When stored appropriately, these should last for months of daily training. The main concern is not odor disappearing, but that your hides can pick up other contaminating odors from the environment. 

To make cocktailed paper strips with all 6 CKC odors, here's what you need:

  • Hide container(s) labelled with target odor it will contain e.g. metal tin with holes labelled "CKC-6", or whatever cocktail you want
  • 6 essential oils specified for CKC scent detection competition
  • Small pieces of unscented lab paper (Each piece should be about the size of a match stick, but you don’t need to measure. There must be sufficient room on each piece of paper so that the 6 drops are physically separated.
  • 6 disposable plastic pipettes e.g. 1-5 ml capacity (available from amazon, chemical or geological testing companies)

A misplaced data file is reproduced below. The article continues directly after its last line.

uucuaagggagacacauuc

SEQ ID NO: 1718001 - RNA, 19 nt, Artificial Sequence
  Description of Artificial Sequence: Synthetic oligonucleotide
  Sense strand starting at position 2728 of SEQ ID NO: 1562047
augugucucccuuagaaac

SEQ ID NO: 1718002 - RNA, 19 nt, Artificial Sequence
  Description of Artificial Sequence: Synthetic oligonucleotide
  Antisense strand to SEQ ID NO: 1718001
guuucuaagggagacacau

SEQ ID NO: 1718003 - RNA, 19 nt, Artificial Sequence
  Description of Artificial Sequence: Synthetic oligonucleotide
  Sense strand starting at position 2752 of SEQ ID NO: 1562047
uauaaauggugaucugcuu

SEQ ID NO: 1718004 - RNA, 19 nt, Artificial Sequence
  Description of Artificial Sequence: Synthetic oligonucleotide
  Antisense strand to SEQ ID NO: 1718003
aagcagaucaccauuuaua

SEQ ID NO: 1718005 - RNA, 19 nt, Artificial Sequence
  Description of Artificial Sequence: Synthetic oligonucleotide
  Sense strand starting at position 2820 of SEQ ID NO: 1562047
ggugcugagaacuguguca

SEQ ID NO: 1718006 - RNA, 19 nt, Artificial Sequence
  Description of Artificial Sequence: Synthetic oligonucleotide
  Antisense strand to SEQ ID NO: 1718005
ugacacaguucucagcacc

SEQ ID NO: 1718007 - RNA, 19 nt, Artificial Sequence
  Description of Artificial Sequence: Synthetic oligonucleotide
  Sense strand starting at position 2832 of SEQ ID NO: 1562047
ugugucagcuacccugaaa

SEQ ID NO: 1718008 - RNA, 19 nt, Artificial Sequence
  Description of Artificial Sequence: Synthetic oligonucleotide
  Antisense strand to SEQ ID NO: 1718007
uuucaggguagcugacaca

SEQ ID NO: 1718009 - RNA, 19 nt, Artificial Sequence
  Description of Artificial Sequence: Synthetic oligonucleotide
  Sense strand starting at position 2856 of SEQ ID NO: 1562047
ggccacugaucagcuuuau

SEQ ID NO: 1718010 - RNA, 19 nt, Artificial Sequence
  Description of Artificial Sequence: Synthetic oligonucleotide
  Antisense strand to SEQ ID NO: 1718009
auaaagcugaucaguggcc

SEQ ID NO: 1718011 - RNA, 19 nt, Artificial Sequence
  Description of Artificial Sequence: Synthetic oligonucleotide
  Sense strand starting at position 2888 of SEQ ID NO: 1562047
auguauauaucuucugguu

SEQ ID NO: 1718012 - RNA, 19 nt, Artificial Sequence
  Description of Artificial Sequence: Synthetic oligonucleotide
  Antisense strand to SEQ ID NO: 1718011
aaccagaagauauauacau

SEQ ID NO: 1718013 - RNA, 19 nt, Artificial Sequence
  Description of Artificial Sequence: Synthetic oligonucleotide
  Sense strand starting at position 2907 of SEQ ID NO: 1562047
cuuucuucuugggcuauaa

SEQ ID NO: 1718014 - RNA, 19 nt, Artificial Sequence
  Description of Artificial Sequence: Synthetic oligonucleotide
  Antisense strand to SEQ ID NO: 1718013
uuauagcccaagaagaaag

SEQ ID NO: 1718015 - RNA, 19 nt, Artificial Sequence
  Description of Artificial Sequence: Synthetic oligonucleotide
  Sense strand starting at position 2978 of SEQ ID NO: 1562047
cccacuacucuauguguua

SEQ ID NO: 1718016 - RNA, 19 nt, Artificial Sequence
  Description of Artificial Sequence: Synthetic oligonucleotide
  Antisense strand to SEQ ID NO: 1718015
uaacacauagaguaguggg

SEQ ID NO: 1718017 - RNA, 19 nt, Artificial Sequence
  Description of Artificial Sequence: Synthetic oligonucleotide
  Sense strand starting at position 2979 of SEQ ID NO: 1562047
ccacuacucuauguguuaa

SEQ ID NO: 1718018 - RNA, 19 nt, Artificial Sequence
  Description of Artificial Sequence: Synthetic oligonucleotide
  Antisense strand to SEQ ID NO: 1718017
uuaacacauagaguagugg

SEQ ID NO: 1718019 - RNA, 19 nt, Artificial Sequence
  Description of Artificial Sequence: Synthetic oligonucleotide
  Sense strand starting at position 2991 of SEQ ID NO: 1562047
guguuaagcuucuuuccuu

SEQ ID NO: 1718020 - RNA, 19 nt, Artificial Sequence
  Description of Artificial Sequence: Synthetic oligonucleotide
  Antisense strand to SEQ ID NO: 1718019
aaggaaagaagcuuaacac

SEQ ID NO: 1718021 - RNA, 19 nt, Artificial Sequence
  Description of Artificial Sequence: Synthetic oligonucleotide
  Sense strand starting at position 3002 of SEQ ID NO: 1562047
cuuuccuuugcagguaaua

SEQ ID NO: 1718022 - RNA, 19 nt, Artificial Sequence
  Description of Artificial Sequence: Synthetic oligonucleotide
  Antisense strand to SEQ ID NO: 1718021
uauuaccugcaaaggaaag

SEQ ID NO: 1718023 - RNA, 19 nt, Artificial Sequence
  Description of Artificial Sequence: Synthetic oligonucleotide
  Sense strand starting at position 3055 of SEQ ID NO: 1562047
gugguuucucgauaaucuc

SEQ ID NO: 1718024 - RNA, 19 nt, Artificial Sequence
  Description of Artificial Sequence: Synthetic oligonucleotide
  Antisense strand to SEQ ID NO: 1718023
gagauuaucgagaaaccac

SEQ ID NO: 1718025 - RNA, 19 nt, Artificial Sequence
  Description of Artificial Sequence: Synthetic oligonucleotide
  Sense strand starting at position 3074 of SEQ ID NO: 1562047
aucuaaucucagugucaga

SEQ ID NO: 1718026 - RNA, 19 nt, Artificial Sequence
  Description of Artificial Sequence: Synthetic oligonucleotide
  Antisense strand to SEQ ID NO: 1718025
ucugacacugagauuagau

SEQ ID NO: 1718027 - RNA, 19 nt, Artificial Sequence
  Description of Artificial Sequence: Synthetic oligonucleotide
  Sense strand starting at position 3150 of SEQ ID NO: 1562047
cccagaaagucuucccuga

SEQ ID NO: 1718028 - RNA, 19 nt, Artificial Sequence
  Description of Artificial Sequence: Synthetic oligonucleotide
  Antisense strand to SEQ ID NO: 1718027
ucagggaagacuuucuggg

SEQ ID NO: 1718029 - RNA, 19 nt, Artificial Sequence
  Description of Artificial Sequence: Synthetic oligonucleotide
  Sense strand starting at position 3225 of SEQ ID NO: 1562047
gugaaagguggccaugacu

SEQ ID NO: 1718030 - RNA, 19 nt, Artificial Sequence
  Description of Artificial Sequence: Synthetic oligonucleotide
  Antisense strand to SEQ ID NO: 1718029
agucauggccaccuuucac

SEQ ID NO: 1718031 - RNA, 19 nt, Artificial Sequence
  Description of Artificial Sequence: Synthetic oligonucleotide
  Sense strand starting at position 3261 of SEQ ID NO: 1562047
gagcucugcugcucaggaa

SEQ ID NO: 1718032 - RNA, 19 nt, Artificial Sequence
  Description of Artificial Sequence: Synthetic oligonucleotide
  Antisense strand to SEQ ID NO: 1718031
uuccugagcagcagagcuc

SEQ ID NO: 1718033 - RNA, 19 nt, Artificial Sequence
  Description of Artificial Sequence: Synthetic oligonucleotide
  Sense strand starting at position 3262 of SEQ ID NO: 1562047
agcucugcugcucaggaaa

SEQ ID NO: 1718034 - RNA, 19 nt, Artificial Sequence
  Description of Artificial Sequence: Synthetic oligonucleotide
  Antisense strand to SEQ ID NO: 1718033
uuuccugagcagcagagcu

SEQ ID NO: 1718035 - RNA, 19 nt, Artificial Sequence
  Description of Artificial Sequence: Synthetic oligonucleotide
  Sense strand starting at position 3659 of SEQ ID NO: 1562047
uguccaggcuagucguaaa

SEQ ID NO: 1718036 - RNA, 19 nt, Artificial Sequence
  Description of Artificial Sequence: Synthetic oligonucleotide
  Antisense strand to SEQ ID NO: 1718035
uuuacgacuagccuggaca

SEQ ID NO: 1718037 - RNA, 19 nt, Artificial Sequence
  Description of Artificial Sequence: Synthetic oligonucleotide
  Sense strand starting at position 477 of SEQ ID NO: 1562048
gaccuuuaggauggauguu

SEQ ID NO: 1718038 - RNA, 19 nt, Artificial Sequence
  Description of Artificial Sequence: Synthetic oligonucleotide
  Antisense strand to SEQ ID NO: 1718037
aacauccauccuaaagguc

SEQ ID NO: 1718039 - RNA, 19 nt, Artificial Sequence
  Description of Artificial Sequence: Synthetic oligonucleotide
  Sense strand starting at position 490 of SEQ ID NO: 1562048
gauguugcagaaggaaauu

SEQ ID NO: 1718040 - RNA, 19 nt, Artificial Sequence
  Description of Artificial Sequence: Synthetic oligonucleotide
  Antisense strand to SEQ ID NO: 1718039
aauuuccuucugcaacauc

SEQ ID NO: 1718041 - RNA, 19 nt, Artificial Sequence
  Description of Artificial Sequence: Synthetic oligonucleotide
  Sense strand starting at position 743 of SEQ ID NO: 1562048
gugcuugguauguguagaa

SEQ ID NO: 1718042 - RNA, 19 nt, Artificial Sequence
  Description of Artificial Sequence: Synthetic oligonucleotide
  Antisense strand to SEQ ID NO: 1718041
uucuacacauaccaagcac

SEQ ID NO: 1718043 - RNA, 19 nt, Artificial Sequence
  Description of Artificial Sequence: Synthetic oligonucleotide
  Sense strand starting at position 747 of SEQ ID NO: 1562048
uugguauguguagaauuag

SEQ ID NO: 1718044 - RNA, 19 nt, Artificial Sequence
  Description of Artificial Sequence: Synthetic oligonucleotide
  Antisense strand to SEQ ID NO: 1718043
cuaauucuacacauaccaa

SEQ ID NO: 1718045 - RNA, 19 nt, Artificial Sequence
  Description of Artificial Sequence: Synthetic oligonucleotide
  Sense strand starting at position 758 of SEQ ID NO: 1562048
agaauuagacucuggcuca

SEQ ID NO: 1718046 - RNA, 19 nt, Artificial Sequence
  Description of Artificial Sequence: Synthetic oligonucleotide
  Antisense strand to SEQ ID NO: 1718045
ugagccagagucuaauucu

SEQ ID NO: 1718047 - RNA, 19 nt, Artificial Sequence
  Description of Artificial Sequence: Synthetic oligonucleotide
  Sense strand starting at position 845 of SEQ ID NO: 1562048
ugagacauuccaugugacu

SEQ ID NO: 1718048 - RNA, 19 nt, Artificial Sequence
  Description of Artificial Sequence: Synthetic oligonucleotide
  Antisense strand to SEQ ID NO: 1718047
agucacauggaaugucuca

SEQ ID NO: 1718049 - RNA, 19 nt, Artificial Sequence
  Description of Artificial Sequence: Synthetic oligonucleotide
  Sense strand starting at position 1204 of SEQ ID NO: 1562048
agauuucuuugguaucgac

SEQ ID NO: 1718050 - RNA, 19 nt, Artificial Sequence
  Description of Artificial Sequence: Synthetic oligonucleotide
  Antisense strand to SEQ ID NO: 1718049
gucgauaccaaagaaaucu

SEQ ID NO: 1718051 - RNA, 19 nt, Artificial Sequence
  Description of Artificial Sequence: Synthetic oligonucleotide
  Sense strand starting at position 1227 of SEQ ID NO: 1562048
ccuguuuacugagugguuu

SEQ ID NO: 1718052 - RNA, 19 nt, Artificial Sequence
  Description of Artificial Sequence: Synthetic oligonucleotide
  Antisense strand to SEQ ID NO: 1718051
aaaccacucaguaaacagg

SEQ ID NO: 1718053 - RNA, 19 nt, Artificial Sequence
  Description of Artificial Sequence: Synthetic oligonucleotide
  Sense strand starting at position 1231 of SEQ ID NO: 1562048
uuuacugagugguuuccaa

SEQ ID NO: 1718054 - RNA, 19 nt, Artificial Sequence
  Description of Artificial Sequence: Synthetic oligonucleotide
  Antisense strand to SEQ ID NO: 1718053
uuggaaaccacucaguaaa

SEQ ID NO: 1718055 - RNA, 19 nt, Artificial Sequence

• 6 sets of disposable nitrile gloves (available from Princess Auto, Home Depot)
  • Tweezers
  • Paper towels and garbage bag
  • Optional: parchment baking paper, wax paper, or a tarp to cover and protect your work surface.


  1. Wash your hands. Put on a pair of gloves, then put on 5 more pairs on top of it.
  2. Work in a room where dogs don’t go, on a non-porous surface. Optional: cover it with parchment paper. Set up all your supplies. Place all the pieces of paper out flat.
  3. Open the jar containing the first odor e.g. Birch. Wipe off any excess liquid that may have leaked around the rim. (Note that you will be able to smell the odor, indicating it is sufficiently strong.)
  4. Insert a clean disposable pipette into the oil. Squeeze the bulb to expel the air, and then the suction will draw up 1-5 millilitres of oil. (It is critically important never to double dip. Don't put anything into your odor which may contaminate it.)